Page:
Are you tired of paying a fortune to keep your building running smoothly? Do you wish there was a way to make your space more efficient, sustainable? And better for the people who use it? That’s what smart building technology is for.
With the help of Internet of Things (IoT) sensors, smart buildings collect and manage data about everything to improve their overall function.
By automating and controlling all systems, it aims to eliminate wasteful practices that cost people both money and harm the environment.
Everything from heating to lighting, ventilation, and air conditioning.
Facility managers can analyze the data collected by these sensors. They can understand their space better, track asset performance, reduce energy usage, and optimize space utilization.
With average energy savings of between 15% and 25%, it’s no wonder smart building technology is taking the world by storm.
In this blog, we’ll explore the ins and outs of such technology, its features, and how privacy can be protected when everything is being monitored.
Features of a smart building technology
At the heart of Smart Building Technology are three things
- A connected building management system (BMS)
- Data visualization
A connected building management system (BMS)
A building management system (BMS), also known as a building automation system (BAS), is a computer-based control system that manages the various systems within a building.
These systems can include heating, ventilation, air conditioning, lighting, security, and other building systems.
Think of it as the “brain” of the building. A brain controlling and optimizing the operation of these systems to ensure they are running efficiently.
The BMS market was valued at USD 14 billion in 2021. It is expected to grow at a CAGR of 14.64% from 2023 to 2030, reaching USD 49 billion by 2030.
The BMS can also alert building managers to potential issues or malfunctions within the building systems. This will allow prompt and efficient maintenance and repairs.
But in order for it to work, we need…
Sensors are installed throughout the building to monitor some key factors, such as:
- Energy consumptions. These sensors measure the energy used by different building systems and devices, such as HVAC systems, lighting, and appliances.
- Temperature sensors. These sensors measure the temperature of different building areas, allowing the BMS to adjust heating and cooling systems as needed.
- Humidity sensors. These sensors measure the moisture level in the air, helping to maintain a comfortable and healthy indoor environment.
- CO2 sensors. Carbon dioxide sensors detect the concentration of CO2 in the air, providing information on ventilation needs and air quality.
- Occupancy sensors. These sensors detect the presence of people in a room or area, helping to optimize energy usage and space utilization.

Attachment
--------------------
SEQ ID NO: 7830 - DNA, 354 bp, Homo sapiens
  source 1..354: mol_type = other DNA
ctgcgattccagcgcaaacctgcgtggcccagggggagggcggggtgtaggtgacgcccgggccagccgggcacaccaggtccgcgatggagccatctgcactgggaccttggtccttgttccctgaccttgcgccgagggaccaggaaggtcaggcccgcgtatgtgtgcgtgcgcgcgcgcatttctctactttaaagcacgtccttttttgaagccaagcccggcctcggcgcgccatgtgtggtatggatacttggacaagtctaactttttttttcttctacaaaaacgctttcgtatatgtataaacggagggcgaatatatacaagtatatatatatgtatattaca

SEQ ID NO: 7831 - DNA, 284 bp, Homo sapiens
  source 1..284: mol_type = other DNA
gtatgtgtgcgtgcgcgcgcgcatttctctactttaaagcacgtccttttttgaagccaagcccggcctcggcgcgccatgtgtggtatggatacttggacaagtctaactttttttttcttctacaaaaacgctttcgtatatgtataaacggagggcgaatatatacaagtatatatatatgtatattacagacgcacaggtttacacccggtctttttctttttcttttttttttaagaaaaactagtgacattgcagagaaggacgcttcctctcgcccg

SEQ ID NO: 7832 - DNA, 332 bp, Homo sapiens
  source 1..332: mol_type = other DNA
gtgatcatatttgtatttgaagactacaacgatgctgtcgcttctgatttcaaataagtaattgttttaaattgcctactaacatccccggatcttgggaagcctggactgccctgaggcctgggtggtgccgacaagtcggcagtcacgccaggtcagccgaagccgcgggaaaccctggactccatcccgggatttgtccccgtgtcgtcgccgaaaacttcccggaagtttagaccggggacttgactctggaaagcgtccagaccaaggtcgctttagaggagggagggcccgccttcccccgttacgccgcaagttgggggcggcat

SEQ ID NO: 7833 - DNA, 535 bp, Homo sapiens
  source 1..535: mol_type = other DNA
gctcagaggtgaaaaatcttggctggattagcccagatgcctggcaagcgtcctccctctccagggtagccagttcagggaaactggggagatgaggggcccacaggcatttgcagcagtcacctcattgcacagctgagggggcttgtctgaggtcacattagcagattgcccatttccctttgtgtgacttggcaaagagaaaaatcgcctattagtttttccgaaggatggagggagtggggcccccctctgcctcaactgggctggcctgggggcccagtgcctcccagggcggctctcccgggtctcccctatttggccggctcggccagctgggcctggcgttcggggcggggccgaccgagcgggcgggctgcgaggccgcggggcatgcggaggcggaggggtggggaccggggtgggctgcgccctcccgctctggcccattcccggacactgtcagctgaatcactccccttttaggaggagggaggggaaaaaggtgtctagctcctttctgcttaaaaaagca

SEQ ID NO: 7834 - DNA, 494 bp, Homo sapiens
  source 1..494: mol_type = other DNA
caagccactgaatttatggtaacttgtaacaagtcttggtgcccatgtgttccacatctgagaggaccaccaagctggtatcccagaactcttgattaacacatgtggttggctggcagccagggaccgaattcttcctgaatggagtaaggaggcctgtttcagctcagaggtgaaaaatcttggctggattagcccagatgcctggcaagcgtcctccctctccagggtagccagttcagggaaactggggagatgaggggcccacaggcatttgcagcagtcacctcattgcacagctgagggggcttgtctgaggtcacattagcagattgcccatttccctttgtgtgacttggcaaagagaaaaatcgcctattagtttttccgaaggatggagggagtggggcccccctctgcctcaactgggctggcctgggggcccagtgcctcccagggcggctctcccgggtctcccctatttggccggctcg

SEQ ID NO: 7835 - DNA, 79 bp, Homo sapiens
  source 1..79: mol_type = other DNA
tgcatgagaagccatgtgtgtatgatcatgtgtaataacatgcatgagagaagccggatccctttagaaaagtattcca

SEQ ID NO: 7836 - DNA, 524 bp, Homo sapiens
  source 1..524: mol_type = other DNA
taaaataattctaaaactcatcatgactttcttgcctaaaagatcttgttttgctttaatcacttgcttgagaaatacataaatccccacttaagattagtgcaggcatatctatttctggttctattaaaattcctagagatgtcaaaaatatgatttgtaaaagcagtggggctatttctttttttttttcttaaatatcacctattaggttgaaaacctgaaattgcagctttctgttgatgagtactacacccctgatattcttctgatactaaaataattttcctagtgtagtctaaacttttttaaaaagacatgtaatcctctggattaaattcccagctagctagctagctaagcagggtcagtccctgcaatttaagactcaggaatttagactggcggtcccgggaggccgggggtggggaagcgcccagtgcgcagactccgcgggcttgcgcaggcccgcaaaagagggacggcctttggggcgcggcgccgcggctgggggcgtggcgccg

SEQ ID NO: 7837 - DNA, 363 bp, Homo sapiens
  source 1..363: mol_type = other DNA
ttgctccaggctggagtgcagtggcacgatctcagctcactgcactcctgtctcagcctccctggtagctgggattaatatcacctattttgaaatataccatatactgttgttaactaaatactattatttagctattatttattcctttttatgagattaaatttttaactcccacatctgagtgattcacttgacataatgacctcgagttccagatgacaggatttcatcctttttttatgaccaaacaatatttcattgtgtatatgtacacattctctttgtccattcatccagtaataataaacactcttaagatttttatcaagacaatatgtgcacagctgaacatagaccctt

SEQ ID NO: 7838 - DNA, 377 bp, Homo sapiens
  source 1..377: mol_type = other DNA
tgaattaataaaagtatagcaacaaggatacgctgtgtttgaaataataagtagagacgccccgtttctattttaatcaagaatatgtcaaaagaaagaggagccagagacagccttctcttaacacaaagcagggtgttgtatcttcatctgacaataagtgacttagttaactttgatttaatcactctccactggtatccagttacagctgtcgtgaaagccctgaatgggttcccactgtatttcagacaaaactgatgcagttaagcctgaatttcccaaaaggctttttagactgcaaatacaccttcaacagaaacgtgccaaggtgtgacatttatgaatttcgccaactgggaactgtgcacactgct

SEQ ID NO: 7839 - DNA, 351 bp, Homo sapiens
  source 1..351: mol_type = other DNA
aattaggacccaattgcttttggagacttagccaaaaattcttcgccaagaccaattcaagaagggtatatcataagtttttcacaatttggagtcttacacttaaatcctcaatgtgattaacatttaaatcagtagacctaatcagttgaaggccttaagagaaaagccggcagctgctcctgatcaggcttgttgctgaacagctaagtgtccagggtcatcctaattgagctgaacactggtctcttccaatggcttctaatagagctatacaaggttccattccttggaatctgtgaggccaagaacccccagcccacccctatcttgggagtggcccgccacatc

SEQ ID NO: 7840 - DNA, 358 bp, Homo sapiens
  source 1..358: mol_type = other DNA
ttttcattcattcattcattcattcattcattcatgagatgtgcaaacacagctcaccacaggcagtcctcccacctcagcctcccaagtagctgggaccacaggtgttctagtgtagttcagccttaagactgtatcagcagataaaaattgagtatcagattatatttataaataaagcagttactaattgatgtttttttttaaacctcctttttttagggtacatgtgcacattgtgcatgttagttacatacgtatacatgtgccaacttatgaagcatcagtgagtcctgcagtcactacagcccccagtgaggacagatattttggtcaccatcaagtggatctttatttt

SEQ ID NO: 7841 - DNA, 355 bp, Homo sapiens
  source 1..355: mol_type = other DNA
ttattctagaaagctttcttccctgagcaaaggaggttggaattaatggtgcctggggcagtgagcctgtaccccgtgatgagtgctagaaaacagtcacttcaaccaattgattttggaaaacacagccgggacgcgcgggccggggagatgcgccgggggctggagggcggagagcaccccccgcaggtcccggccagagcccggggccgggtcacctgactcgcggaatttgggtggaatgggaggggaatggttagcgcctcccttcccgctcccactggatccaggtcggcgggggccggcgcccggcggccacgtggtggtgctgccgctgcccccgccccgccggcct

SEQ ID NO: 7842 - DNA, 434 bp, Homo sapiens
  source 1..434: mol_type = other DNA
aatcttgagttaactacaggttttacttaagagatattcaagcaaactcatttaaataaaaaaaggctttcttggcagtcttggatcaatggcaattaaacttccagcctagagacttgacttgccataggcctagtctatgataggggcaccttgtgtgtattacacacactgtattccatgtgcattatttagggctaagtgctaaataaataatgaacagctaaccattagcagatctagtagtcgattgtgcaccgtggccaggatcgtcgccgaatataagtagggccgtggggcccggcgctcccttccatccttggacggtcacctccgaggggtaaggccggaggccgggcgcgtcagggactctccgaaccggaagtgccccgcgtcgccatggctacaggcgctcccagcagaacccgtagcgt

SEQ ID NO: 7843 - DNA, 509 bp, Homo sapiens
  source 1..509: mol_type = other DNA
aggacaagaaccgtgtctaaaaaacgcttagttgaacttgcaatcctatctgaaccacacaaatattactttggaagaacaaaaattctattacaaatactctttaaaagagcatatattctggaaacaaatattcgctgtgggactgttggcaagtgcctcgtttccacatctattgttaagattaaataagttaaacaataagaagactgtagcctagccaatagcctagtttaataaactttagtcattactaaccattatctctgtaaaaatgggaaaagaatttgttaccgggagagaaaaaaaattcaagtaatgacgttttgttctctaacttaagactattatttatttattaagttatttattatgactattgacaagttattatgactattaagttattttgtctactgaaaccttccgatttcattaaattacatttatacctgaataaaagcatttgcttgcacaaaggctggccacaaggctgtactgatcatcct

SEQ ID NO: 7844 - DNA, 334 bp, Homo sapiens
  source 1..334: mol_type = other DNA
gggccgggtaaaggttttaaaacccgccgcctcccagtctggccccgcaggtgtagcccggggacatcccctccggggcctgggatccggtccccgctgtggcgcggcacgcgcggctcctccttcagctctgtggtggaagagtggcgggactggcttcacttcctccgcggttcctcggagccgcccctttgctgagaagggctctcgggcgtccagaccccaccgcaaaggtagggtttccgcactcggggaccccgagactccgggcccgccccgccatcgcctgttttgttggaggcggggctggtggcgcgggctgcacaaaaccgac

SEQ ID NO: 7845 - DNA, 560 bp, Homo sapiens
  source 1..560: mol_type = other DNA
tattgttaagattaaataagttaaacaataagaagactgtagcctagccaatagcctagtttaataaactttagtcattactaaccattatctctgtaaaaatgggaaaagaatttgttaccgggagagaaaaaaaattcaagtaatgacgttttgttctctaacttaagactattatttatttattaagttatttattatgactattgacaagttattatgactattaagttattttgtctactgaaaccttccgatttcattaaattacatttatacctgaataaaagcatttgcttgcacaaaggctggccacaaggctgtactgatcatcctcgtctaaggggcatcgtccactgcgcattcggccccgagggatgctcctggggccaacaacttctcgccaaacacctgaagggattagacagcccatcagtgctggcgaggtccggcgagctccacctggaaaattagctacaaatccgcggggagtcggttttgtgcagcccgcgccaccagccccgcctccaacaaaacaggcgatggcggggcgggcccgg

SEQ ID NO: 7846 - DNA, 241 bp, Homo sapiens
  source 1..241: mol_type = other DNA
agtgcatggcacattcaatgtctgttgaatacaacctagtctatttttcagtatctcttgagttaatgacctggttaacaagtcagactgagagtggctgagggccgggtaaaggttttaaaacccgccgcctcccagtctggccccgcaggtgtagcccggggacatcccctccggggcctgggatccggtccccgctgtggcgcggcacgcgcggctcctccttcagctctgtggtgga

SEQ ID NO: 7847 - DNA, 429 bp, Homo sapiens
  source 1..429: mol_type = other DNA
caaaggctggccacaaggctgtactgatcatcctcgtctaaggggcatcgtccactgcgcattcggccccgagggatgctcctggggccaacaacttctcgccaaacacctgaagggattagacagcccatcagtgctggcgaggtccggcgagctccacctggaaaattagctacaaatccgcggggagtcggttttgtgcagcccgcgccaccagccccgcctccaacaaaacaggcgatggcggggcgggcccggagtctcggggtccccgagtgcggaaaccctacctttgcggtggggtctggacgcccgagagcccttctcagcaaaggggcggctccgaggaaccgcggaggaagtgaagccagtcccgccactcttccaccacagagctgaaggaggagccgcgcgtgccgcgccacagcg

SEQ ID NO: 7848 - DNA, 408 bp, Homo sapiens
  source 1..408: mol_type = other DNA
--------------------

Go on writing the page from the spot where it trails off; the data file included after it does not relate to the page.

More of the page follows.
- Light sensors. Light sensors measure the amount of light in a room, allowing the BMS to adjust lighting systems as needed to save energy and improve occupant comfort.
- Motion sensors. Motion sensors can detect movement in different areas of the building, providing valuable data on occupancy patterns and helping to optimize building operations
With this data, building managers can make informed decisions about how to optimize the building’s performance, reduce energy usage, etc.
But what good is all that data if you can’t access and visualize it?
That’s why most smart buildings have a platform to make sense of all that information.
With a simple interface, building managers can see everything from real-time energy usage to occupancy rates, making optimizing building performance and reducing costs easier.
How can privacy be protected if everything is monitored?
Privacy is a valid concern when it comes to smart buildings.
But using sensors and other monitoring technologies doesn’t mean that it’s collecting sensitive information about building occupants.
It’s rather general information:
- The temperature is X
- There are X occupants in this office/building/ home
- The CO2 level is X
However, there are several ways that privacy is (or can be) protected in smart buildings:
- Anonymous data collection: Smart buildings can collect data anonymously without identifying specific individuals. For example, occupancy sensors might detect the presence of people in a room without recording any identifying information about those individuals.
- Data encryption and secure storage: To protect sensitive data, smart buildings can use encryption and other security measures to ensure data storage securely and only accessible to authorized individuals.
- Consent and transparency: Building occupants should be notified about what data is being collected and how it is being used.
- No cameras: It is advisable to choose smart building technology that does not rely on the use of cameras to monitor people’s activity.
Smart building technology is not just changing the way we live and work. It’s transforming our entire relationship with the built environment.
From connected building management systems to energy consumption sensors and anonymous data collection, everything is to fit your needs.
But smart building technology is not just about automation and efficiency.
It’s also about creating a building that values privacy and security and provides a trusting environment for EVERYONE!